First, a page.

“Los Angeles, give me some of you!” exclaimed Arturo Bandini, the self-proclaimed genius and all-time literary great. “Ask The Dust” is a paean to the perfidious, seedy underbelly of the city of angels, a journey through its poverty-stricken streets and bars, the flip side of the American dream. Fante’s prose was honest, direct and disarming. He wrote like a grittier Hemingway. One can draw a line from his 1939 novel to the oeuvre of Bukowski, who wrote a foreword to its reissue in 1980. “Thank God I had been born an American” mused Bandini, in one of his honest moments – and this despite recognising that “the illusion that this was paradise” was false.
“We don’t allow Mexicans at this hotel” said Mrs Hargraves. “Nor Jews” she followed up, an interesting comment in pre-Holocaust America. Many, such as Timothy Snyder in “On Tyranny”, have made the point that the United States was not immune to Nazism due to a lack of anti-Semitism. Far from it, and Bandini’s observations back this up. The key is to keep these forces in check and to minimise them. “Ask The Dust” contained frequent references to race: consider how Arturo callde Camilla his little Mexican peon before she retorted “I’m American”. Class played a bigger role in Bandini’s world, as racial minorities worked the low-paid jobs in Los Angeles.
Bandini is Fante. A misogynist, he physically accosted Camilla, ordering her around in an aggressive and threatening manner. Camilla was mentally unstable and required extra care and attention, yet Bandini was oblivious to this and was physically violent with her. Bandini used Camilla’s mental health as an excuse for his misogyny and was derisive of other women in the same way. He tried to be cool but came across as an asshole, albeit an honest one. He contemplated punching Camilla in another vile episode which resulted in Camilla being “forced to leave because I ordered her out”. Bandini’s emasculation when he did perform sexually for Camilla on the beach had shades of the husband being humiliated in Hemingway’s “The Short Happy Life Of Francis Macomber”. Both artists explored the theme of how men react violently after their masculinity is vitiated.
1930s LA was secular but religion remained a dominant theme in “Ask The Dust”. “You should have been a priest” Bandini scolded himself, clothed in generational guilt. He identified as an atheist yet society constantly reminded him of the moral virtues of religion. When Bandini pilfered the buttermilk, he blessed himself in an act of confession.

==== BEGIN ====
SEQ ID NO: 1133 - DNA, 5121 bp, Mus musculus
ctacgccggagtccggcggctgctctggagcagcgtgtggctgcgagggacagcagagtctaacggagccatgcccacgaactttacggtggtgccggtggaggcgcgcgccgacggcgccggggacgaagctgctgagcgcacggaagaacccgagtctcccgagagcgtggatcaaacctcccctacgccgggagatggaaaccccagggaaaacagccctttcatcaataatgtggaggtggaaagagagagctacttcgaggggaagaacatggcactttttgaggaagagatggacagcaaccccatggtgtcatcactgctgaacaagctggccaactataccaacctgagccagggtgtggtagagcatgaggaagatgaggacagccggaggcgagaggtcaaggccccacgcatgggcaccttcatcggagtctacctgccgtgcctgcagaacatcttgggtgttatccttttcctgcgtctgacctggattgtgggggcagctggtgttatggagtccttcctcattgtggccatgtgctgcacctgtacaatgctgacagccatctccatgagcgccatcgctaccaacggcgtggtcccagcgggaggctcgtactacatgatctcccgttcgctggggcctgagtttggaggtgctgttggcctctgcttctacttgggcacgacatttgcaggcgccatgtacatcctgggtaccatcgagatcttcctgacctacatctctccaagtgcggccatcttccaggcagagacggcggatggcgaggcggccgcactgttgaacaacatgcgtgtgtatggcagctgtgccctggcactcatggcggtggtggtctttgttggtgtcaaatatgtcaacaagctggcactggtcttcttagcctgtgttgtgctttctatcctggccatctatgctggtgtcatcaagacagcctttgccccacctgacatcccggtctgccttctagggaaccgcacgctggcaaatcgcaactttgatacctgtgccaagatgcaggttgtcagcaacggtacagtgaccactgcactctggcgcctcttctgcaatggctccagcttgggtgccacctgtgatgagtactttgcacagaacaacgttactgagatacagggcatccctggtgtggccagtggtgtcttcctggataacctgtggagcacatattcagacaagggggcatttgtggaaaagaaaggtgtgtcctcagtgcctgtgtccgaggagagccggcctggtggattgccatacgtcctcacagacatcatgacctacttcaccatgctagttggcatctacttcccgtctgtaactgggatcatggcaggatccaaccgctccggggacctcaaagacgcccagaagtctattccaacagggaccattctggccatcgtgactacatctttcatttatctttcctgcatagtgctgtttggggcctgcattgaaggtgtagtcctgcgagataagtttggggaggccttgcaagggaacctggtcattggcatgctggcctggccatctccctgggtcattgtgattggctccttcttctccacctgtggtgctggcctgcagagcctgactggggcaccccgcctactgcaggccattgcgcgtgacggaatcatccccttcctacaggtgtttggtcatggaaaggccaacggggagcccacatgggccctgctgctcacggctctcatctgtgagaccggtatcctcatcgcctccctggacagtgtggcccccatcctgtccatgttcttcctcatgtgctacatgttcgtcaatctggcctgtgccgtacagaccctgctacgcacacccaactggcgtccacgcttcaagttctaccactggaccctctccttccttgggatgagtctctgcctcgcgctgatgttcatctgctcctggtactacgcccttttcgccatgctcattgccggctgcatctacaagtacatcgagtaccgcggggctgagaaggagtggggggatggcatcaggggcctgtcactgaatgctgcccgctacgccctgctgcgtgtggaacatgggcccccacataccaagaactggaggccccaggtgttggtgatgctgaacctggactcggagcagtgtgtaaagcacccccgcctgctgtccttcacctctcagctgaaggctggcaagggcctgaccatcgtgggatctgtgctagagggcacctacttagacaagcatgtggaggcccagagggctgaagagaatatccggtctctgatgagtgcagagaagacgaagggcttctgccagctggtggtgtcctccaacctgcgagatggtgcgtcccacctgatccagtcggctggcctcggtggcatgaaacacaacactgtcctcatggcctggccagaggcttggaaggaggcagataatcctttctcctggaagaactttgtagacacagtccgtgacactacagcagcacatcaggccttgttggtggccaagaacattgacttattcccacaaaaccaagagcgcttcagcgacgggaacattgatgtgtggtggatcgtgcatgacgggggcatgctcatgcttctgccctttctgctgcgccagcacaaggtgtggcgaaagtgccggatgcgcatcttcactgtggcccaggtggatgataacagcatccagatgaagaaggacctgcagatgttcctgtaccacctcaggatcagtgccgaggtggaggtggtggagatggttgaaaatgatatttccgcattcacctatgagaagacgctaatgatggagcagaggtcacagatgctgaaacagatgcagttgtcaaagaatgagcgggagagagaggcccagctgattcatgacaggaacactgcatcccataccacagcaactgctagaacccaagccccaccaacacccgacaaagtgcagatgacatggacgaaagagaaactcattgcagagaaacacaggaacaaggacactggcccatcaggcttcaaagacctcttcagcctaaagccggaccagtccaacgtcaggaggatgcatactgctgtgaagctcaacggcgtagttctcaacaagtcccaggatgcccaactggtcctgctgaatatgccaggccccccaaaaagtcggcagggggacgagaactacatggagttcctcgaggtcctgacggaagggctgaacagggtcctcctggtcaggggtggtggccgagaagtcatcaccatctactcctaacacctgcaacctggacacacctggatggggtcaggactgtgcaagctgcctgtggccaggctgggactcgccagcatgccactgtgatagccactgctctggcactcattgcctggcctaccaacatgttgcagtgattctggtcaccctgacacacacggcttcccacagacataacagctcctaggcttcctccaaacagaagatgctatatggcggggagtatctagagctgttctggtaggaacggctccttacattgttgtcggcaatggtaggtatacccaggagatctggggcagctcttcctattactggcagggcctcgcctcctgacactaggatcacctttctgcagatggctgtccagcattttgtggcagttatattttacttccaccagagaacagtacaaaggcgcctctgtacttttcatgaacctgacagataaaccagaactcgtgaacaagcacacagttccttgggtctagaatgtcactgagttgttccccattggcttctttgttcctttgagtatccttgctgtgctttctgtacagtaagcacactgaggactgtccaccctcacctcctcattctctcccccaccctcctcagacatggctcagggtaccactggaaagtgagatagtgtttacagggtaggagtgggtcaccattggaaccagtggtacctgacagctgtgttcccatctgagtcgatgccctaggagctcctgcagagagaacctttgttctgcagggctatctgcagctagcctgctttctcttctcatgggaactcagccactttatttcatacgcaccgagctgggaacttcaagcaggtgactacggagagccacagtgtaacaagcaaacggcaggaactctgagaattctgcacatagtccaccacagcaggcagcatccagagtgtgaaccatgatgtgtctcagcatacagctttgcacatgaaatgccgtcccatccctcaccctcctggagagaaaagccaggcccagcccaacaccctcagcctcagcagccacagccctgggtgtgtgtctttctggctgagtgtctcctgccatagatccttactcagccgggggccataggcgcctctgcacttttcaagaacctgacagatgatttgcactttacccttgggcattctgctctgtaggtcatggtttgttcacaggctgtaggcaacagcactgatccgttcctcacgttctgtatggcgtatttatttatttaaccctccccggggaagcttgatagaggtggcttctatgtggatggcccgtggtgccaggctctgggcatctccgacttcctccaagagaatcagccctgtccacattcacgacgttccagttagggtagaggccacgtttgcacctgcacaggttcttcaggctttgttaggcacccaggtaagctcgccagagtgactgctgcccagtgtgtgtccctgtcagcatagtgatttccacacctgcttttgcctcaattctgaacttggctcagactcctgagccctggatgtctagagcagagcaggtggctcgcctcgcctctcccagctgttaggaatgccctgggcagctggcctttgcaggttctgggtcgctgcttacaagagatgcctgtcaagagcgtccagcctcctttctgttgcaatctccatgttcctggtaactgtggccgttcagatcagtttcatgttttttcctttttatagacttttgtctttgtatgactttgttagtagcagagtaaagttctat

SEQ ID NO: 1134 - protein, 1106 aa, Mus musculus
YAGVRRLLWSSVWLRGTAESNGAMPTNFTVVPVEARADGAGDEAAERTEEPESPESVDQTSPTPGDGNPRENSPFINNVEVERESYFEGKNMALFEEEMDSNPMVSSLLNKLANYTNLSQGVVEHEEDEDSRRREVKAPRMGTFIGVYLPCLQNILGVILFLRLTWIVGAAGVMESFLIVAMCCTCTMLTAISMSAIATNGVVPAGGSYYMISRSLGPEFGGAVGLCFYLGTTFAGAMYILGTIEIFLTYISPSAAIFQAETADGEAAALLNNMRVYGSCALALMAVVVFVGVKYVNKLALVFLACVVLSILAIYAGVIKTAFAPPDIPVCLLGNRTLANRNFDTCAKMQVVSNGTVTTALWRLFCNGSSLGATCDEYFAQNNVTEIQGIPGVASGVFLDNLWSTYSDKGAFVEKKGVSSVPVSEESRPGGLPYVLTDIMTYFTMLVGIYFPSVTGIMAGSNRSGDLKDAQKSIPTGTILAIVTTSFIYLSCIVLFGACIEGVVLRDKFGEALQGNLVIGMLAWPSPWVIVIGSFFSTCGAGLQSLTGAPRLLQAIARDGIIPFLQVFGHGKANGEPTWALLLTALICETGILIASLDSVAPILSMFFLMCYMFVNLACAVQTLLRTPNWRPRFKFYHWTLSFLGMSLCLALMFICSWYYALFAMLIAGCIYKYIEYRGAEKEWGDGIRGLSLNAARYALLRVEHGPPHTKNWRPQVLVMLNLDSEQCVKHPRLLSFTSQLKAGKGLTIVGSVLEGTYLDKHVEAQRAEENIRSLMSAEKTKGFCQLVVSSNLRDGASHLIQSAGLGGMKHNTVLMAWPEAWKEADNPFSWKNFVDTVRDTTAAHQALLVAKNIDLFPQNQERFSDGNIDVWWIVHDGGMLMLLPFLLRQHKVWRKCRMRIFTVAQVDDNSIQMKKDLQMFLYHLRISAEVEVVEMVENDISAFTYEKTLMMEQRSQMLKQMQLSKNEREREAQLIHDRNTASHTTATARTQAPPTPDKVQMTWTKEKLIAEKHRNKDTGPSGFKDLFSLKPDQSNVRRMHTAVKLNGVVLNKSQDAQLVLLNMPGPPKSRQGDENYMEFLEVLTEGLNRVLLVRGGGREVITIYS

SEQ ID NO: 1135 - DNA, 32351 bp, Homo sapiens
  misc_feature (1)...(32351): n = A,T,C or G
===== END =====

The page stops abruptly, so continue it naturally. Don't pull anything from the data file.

Consider the names of some of the characters: Hellfrick! A drunk who rarely paid his debts and whose very name represented a route that Bandini’s life could have taken – the life, indeed, that Bukowski subsequently chose. It is revealing that Bandini chose to visit Father Abbot for emotional support after believing he was a failure with women and as a writer. Bandini was emblematic of a society that wanted to be atheist but still reverted back to religion. After the earthquake, Bandini attended mass again, in another pointed nod to how theocracy was his moral seabed. “I was a Catholic. This was a mortal sin against Vera Rivken” Bandini reassured himself. Bandini indicated Fante’s struggle to sever ties with his religious past, comparable to a Graham Greene novel.
There was some excellent, angular prose in “Ask The Dust”. “A cold wind sideswiped us. The jalopy teetered. From below rose the roar of the sea. Far out fogbanks crept towards the land, an army of ghosts crawling on their bellies” said Arturo of Camilla and his late night road trip through Beverly Hills. Wrote Bandini of Hellfrick eating: “He sat before a plate of the food, his mouth bloated, his thin jaws working hard”.
Fante frequently referred to the pretentiousness of being an artist. Bandini labeled himself a “genius”, the next great writer, and frequently referred to himself in the third person. He interspersed these opinions whilst expressing his doubts about how genuinely talented he actually was, articulating the neurosis of the artist. He chronicled the role of the artist as observer in society: “the world was full of uproariously amusing people” chuckled Bandini to himself at the huaraches that Camilla wore as she worked in the bar. One cringed when Bandini made the fourteen-year-old Judy read his story aloud to him. There were several such moments in this vein, such as when Bandini mused on whether he caused the earthquake. It was affected and narcissistic, yet true to life.
Fante cleverly used the third person narrative to perfect the conceit: “something had happened to Arturo Bandini” he thought. This was a world that Fante/Bandini had created. They made it happen: “The world was dust, and dust it would become”. The style that Fante wrote with and the themes explored elevate “Ask The Dust” above that of ordinary bar-stool story.
I first read “Ask The Dust” in my early twenties and fell in love with the loose languid style and the earnestness of Fante’s effort, yet I was not as captivated the second time around. There were moments of brilliance and Fante’s honesty is admirable. However, writing about reality becomes tiresome: there are only so many times you can listen to Vera utter words to Bandini like: “You are nobody, and I might have been somebody, and the road to each of us is love”. Still, Fante’s place in the pantheon of gritty urban authors is safe.